The examples of Faith from the two widows


Fr Ian writes:
As we imagine the scene at the treasury of the Temple, we ought to try to imagine perhaps someone giving to the Church, perhaps our congregation today. How would we respond if someone walked in and dropped in a fat cheque? How would our response differ to, say, a child putting in their week's pocket money? Would we treat them differently? I suggest most of us would.

The truth our Lord reveals is that God sees things very differently. Our Lord would assess any gift on the basis of the degree of sacrifice involved, and the degree of generosity. St John Chrysostom, commenting on this said, “Our Lord paid no attention to the amount of money but only to the abundance of her generosity.” What the Lord looks for is our generosity. So it might be a worthwhile exercise imagining our Lord watching us as we give – what would he say of us? Well the truth is, that our Lord knows the secrets of our hearts now, and He is aware of the truth of the matter. There is perhaps nothing like the issue of money to crystallize our commitment to something.

Central in this concern for generosity is what we might call today 'detachment'. How detached are we from our wealth? To what extent are we ruled by our wealth? How free do we feel towards our wealth – beyond providing for our basic needs? How much of a hold does our wealth have over us?

The Beatitudes of the gospel call us to blessedness through being 'poor in spirit'. This isn't to do with whether we are economically poor or not, but how detached we are to our wealth. Blessedness, or eternal happiness or joy, is reached through a detachment to wealth.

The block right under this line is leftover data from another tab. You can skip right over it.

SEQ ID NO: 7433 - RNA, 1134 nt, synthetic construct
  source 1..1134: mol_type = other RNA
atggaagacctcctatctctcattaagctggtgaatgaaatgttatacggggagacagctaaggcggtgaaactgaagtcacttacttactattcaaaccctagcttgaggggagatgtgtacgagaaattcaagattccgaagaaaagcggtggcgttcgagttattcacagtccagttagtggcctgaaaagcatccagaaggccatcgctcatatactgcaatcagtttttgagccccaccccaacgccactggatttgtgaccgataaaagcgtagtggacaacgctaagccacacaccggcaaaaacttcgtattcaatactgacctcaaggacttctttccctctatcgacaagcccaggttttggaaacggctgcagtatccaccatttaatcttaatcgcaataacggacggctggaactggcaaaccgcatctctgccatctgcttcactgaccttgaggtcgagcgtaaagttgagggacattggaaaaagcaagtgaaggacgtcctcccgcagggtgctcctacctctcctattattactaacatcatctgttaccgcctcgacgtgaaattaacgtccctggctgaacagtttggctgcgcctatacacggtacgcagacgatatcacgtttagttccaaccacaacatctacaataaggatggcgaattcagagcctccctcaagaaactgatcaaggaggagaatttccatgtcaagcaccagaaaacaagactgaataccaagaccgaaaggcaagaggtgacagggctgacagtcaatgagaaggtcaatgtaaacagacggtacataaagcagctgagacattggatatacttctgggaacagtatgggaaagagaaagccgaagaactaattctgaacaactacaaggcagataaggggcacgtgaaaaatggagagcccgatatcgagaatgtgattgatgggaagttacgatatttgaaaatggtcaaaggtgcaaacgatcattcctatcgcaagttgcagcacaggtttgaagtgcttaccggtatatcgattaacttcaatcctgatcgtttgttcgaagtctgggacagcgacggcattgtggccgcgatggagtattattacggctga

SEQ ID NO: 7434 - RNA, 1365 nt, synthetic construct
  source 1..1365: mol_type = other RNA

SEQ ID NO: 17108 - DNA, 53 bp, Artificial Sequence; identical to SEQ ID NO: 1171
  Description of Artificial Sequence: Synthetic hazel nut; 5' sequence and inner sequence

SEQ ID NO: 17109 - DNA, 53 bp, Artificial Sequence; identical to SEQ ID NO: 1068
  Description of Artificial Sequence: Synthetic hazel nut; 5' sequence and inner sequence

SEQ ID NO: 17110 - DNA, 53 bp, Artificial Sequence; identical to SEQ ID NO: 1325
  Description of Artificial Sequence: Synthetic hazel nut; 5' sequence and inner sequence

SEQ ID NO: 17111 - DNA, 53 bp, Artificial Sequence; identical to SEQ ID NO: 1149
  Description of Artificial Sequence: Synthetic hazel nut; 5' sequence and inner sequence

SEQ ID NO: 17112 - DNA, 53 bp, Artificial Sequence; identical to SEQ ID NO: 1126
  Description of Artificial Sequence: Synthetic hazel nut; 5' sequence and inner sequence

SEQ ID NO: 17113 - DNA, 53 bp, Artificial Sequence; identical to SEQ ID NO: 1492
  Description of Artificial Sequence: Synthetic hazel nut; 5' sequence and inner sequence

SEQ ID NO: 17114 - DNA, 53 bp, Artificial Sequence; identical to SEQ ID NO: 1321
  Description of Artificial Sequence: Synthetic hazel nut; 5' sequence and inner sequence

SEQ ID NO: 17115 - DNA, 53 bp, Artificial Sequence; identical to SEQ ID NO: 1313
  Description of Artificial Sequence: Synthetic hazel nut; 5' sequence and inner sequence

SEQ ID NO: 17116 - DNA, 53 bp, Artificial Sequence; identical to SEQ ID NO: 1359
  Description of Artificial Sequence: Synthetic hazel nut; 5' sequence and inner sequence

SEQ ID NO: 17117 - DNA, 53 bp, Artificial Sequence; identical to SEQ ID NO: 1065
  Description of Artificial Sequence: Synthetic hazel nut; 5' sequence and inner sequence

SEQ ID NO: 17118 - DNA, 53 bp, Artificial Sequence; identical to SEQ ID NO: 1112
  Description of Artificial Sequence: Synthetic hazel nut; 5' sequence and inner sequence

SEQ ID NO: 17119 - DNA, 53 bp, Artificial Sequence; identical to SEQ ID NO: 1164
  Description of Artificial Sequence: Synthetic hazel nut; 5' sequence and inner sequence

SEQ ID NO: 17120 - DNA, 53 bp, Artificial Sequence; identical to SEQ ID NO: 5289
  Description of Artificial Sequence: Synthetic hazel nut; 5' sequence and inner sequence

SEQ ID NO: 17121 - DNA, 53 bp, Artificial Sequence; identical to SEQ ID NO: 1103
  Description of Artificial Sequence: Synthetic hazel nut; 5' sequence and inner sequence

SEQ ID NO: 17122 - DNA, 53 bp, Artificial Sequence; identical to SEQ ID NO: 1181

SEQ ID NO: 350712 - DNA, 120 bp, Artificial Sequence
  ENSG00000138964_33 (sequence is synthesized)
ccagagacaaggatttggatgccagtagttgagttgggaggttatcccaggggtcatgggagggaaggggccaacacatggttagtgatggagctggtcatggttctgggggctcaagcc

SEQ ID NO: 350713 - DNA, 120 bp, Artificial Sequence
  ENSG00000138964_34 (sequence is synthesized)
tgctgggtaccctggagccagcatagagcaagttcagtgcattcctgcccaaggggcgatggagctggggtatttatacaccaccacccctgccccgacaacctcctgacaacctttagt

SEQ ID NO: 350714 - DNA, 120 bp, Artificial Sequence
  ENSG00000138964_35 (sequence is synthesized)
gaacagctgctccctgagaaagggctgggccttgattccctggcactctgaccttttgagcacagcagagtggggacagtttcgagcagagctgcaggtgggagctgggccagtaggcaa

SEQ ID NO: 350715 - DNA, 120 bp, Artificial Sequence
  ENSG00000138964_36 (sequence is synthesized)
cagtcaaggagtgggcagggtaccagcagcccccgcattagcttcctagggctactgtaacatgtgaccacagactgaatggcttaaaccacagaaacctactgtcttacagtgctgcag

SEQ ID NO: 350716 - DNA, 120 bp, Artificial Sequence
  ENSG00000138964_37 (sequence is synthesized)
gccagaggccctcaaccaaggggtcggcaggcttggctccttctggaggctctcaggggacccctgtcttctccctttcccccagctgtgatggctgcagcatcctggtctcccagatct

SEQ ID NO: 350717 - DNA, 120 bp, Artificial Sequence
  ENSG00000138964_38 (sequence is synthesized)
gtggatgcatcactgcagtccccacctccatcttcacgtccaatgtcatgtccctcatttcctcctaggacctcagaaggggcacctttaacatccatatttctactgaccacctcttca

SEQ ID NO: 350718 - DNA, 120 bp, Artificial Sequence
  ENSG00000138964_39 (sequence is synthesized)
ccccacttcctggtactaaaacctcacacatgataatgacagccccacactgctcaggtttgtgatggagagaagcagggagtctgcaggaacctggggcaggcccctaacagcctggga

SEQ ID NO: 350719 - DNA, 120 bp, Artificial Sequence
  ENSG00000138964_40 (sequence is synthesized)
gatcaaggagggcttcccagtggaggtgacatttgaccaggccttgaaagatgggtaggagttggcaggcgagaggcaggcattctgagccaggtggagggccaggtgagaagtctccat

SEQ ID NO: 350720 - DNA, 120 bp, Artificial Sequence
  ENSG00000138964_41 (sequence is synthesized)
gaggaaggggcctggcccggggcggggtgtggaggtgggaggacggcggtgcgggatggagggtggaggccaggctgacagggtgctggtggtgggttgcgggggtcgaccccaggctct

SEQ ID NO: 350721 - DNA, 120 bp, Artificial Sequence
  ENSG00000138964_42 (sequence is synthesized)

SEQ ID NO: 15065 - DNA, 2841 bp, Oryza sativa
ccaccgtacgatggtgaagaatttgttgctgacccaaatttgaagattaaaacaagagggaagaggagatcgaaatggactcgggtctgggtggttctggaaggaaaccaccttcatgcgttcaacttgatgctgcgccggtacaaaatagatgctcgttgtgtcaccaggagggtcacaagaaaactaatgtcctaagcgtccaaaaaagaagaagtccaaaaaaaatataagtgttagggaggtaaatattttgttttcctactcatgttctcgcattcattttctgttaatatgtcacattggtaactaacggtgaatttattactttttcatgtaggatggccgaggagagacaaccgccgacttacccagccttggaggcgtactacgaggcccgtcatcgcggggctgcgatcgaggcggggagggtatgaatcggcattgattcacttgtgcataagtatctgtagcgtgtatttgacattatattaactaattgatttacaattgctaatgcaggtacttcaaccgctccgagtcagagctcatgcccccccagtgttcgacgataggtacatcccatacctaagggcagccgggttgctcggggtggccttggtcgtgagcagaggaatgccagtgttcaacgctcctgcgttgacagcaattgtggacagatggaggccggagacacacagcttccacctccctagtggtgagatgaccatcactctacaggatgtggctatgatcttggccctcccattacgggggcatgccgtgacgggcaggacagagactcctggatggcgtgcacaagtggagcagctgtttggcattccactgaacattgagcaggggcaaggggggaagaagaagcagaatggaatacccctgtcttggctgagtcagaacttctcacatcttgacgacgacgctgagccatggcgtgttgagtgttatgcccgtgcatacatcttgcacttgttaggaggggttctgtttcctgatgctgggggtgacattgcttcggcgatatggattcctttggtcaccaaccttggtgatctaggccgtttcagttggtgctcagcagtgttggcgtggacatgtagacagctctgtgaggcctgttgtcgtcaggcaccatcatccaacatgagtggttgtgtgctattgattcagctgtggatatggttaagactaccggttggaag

People become attached to wealth because they believe it can provide them with the security they need. This is in fact the opposite to the Christian way. For a Christian finds security not in material possessions but in Christ. The Christian does not build up treasures on earth, where moth and rust can corrupt, but builds up treasure in heaven. It might seem we can buy security and happiness, but sooner or later we must all learn that we cannot take it with us! Christ alone can give us eternal happiness (which is what blessedness is) and eternal security (which is salvation) ; we in fact depend on His great generosity bestowed on us – He asks us to be as generous with others.

So the issue we are addressing is not just to do with how much we give to Church, but the attitude of our hearts. Do we have hearts formed by habits of miserliness, that is grudging, or that is over cautious? Because this will not only affect the way we give money, but also the way in which we give ourselves to Christ. How wholeheartedly have we given ourselves to Christ? How much have we held back? How generous are we in giving our lives, our time, our energy to Christ? If He stood before us in bodily flesh would you give all, or be reserved? Are there no-go areas in our lives, where we are not prepared for Christ to enter?

These are the things that matter in the Kingdom of God. What matters to God is not the quantity but the quality of the spirit in which we give. Do we give as generously, as He has given to us?